Some titles, when they come out, just need a little fine tuning to make them perfect, some need a little more than that, and others just seem to need a complete overhaul or to start over from scratch. Then there’s the issue of game-breaking DRM that seems to plague just a few of my titles on the PC, which can be infuriating in and of itself, but I’ve never actually played one where the DRM made it so the game wouldn’t even launch past the menu, until now. Let’s take a look at Deep Black: Reloaded, shall we?
The premise is that you’re an operative for an agency that’s out to stop, presumably, bad guys from doing, well, things. The game itself isn’t very good at delivering on a story in the cutscenes, which seem disjointed and not all that well put together. They’re there to basically be an information dump to get you to care about what you’re doing in the game, more or less, and try to help make sense of what’s going on, and since I don’t really have a clue, I’d say that ship has sailed. You get sent on missions that involve you alternating between ground and water based objectives, shooting on both, but also some puzzle solving. You have a suit that can help propel you through the water with short boosts from rockets on your legs to get you around obstacles or behind sunken objects for cover. You take out people and underwater drones to get through to your objectives, flooding areas or dropping the water to get to others. I couldn’t ever connect to anyone on the multiplayer end of things, so its inclusion in the game is in name only at this point.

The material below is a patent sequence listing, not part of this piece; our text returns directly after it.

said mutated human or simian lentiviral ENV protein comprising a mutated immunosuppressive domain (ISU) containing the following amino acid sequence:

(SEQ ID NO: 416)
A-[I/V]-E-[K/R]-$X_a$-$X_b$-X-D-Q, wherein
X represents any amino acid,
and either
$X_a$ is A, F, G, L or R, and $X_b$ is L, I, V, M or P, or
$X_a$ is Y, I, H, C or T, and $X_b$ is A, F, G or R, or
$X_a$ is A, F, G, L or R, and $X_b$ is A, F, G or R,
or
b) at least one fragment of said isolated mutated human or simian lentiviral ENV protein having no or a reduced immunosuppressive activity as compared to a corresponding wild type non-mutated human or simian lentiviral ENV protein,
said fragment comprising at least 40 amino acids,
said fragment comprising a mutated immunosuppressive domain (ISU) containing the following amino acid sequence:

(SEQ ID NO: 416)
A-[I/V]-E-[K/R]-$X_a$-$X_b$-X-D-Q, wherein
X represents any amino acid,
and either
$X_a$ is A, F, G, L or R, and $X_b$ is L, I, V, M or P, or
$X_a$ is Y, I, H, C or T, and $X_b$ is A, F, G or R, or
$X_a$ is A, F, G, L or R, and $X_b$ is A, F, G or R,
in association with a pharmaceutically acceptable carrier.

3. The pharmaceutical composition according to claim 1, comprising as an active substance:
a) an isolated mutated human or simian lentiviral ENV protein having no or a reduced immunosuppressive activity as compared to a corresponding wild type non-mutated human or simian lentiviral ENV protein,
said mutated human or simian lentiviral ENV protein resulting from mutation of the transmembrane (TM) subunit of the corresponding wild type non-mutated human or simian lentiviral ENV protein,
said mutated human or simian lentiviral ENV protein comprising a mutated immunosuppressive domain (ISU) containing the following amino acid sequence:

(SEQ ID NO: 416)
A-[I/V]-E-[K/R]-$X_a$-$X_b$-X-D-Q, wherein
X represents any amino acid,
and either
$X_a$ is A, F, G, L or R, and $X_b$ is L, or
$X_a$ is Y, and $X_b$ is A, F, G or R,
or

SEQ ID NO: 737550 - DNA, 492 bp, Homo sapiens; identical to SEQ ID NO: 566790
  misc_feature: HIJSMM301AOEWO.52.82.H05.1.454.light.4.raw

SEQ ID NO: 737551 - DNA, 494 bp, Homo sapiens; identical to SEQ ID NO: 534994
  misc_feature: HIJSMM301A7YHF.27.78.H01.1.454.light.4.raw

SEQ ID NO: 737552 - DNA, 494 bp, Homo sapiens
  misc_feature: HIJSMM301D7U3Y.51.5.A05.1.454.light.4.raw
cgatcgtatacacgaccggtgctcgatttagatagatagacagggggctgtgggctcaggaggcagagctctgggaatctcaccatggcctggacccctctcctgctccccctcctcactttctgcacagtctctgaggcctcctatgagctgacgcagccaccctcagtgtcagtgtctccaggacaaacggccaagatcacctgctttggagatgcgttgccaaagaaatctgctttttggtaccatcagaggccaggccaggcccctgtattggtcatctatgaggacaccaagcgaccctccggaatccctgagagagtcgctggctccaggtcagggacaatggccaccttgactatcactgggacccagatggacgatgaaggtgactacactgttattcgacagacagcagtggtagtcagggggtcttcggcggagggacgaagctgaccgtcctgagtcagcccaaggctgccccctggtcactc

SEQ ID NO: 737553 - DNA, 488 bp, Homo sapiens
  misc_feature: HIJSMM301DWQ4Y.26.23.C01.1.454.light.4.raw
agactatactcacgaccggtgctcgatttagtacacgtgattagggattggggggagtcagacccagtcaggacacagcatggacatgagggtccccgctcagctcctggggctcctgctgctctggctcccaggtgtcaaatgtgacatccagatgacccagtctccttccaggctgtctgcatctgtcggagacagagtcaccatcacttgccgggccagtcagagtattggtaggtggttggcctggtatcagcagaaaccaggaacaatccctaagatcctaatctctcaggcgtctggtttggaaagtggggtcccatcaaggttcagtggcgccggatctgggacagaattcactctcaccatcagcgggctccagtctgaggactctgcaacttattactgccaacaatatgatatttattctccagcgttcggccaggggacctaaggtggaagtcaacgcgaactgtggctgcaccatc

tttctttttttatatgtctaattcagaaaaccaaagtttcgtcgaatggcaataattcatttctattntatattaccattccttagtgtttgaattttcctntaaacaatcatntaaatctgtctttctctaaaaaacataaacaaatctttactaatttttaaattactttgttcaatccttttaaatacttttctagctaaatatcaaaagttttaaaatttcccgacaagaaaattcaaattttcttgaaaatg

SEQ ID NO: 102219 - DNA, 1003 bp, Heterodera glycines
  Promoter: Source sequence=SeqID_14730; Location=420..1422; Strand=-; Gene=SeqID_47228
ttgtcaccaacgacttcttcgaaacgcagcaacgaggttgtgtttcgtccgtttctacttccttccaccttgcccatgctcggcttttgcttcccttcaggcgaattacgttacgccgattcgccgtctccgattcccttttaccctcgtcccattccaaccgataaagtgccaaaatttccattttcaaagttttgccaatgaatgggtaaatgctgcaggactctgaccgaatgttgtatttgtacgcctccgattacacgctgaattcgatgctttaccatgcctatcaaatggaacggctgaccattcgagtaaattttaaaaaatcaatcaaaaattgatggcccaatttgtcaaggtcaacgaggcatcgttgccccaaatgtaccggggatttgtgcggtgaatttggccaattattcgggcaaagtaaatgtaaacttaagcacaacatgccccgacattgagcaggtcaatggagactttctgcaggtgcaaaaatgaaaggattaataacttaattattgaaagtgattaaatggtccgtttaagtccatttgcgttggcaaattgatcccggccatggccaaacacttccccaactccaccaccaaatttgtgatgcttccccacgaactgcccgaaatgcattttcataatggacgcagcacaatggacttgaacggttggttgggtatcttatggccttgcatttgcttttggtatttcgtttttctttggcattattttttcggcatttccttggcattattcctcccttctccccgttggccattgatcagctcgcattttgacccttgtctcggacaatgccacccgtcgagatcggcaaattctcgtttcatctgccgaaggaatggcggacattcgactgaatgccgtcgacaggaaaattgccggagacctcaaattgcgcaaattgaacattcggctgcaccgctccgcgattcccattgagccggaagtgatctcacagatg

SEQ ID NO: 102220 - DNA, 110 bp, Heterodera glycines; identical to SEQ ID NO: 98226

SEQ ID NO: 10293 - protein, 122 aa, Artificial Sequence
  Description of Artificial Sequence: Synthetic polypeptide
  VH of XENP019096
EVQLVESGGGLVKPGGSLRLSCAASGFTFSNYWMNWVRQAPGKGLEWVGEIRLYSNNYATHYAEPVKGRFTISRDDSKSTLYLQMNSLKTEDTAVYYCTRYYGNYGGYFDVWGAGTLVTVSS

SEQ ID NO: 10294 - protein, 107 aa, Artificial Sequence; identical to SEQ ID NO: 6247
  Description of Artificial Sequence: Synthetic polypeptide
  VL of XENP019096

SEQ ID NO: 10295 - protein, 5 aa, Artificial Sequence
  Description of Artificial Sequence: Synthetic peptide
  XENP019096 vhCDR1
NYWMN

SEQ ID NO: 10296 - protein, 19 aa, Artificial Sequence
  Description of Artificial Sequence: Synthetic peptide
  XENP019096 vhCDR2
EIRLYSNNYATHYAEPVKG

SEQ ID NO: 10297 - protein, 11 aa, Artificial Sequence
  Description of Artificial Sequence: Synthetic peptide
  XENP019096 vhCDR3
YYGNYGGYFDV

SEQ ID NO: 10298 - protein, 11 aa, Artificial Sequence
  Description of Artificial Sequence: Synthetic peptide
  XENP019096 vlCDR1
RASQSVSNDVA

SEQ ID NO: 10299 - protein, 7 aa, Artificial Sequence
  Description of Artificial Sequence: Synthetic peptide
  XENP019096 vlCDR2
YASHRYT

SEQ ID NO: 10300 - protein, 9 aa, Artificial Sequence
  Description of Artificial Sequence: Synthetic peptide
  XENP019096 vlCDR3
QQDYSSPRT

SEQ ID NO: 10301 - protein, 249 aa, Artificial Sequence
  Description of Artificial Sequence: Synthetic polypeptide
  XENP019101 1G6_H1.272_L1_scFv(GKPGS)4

Audibly there’s not much going on. The sounds are pretty basic and do what they need to get things done, but nothing here screams out at you to get you to really think about what’s going on. The installation screen had some decent music along with the menu but I can’t remember a single moment from the game. Visually the game does some interesting things when you’re in the water. In fact, I’d say that the game’s strongest point are the water sections. Movement there is smooth, and you feel like you’re in water when you’re in it. On land it feels like a clunky third person shooter. The animations there aren’t that great, the environments are bland, and to be honest, your character and armor looks like a rip-off of Isaac from Dead Space, complete with the glowing bar on the back along the spine.
The controls are a pretty basic set-up for a third person shooter with the keyboard and mouse. The formula is, for the most part, unchanged since the 90s with the first person shooter. The controls here though, while standard, respond slowly and at their own pace. Firing works ok, but moving around and aiming feel like you’re working through a fine layer of slime to get it to do what you want. Once you get used to it, it’s mostly ok, but it just doesn’t seem to work all that great. There’s an interesting mechanic where you harpoon things in the water and reprogram them while you hang on for dear life if it’s a drone and just wait if it’s a door lock or switch to bring in more water.